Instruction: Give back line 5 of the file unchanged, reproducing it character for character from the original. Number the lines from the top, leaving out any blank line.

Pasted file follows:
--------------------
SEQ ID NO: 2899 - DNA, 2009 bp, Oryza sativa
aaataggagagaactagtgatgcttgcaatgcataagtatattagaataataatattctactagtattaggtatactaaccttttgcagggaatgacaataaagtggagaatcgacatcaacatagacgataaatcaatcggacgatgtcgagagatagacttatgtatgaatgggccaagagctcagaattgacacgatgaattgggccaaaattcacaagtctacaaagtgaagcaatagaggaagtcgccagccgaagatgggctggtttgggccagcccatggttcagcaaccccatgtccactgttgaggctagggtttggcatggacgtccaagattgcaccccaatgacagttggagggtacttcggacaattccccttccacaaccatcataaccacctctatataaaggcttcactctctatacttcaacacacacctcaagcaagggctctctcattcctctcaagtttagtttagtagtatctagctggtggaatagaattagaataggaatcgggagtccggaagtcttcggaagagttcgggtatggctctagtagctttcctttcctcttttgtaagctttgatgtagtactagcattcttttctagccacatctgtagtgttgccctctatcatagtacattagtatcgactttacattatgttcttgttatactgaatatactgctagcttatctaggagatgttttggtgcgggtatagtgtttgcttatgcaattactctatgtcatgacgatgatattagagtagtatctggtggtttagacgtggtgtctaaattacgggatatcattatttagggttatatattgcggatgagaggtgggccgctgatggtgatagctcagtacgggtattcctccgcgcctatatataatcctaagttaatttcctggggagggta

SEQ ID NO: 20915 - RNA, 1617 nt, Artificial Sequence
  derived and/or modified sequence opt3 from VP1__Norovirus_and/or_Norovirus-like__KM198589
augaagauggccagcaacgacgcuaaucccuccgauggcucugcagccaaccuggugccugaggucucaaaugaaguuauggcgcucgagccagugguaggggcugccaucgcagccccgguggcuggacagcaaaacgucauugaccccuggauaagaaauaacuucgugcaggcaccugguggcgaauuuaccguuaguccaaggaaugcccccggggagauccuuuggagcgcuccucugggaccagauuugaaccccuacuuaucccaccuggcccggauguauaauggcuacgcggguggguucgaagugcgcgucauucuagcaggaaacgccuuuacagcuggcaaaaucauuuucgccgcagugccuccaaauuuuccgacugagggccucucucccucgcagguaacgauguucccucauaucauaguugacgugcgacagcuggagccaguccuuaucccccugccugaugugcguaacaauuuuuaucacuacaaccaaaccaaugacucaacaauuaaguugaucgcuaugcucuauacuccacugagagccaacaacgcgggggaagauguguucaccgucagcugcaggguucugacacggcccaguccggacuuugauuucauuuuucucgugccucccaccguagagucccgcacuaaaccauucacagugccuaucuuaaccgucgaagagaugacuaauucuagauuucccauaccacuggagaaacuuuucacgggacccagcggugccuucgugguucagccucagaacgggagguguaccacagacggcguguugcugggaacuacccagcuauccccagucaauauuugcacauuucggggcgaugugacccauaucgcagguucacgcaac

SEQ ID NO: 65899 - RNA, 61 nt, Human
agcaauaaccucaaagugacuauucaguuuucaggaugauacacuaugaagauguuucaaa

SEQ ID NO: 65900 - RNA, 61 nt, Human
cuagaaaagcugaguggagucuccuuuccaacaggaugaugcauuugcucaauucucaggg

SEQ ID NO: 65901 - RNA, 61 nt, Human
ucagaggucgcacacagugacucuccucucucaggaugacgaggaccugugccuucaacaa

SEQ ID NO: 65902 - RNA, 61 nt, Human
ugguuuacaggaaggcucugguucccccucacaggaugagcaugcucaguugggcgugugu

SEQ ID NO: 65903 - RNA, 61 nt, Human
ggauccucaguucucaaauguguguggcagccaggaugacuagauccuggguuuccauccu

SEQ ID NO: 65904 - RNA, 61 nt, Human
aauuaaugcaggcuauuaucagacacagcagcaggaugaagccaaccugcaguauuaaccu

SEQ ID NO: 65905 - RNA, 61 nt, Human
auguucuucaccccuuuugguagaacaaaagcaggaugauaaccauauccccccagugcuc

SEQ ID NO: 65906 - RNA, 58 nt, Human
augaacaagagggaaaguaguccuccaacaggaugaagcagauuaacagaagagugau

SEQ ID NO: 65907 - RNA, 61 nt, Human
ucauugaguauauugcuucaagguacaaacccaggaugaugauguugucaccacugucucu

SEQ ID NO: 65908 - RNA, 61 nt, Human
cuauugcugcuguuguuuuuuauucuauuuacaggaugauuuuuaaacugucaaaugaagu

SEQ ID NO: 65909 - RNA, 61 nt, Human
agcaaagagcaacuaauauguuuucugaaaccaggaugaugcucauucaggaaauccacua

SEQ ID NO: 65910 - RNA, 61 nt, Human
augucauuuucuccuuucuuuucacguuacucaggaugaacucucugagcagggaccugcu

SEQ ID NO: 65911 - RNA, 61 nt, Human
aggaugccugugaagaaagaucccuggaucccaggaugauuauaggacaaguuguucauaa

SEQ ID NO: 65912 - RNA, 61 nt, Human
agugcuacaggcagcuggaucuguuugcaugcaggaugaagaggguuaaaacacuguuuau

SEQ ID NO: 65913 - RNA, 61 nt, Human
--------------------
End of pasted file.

augaagauggccagcaacgacgcuaaucccuccgauggcucugcagccaaccuggugccugaggucucaaaugaaguuauggcgcucgagccagugguaggggcugccaucgcagccccgguggcuggacagcaaaacgucauugaccccuggauaagaaauaacuucgugcaggcaccugguggcgaauuuaccguuaguccaaggaaugcccccggggagauccuuuggagcgcuccucugggaccagauuugaaccccuacuuaucccaccuggcccggauguauaauggcuacgcggguggguucgaagugcgcgucauucuagcaggaaacgccuuuacagcuggcaaaaucauuuucgccgcagugccuccaaauuuuccgacugagggccucucucccucgcagguaacgauguucccucauaucauaguugacgugcgacagcuggagccaguccuuaucccccugccugaugugcguaacaauuuuuaucacuacaaccaaaccaaugacucaacaauuaaguugaucgcuaugcucuauacuccacugagagccaacaacgcgggggaagauguguucaccgucagcugcaggguucugacacggcccaguccggacuuugauuucauuuuucucgugccucccaccguagagucccgcacuaaaccauucacagugccuaucuuaaccgucgaagagaugacuaauucuagauuucccauaccacuggagaaacuuuucacgggacccagcggugccuucgugguucagccucagaacgggagguguaccacagacggcguguugcugggaacuacccagcuauccccagucaauauuugcacauuucggggcgaugugacccauaucgcagguucacgcaac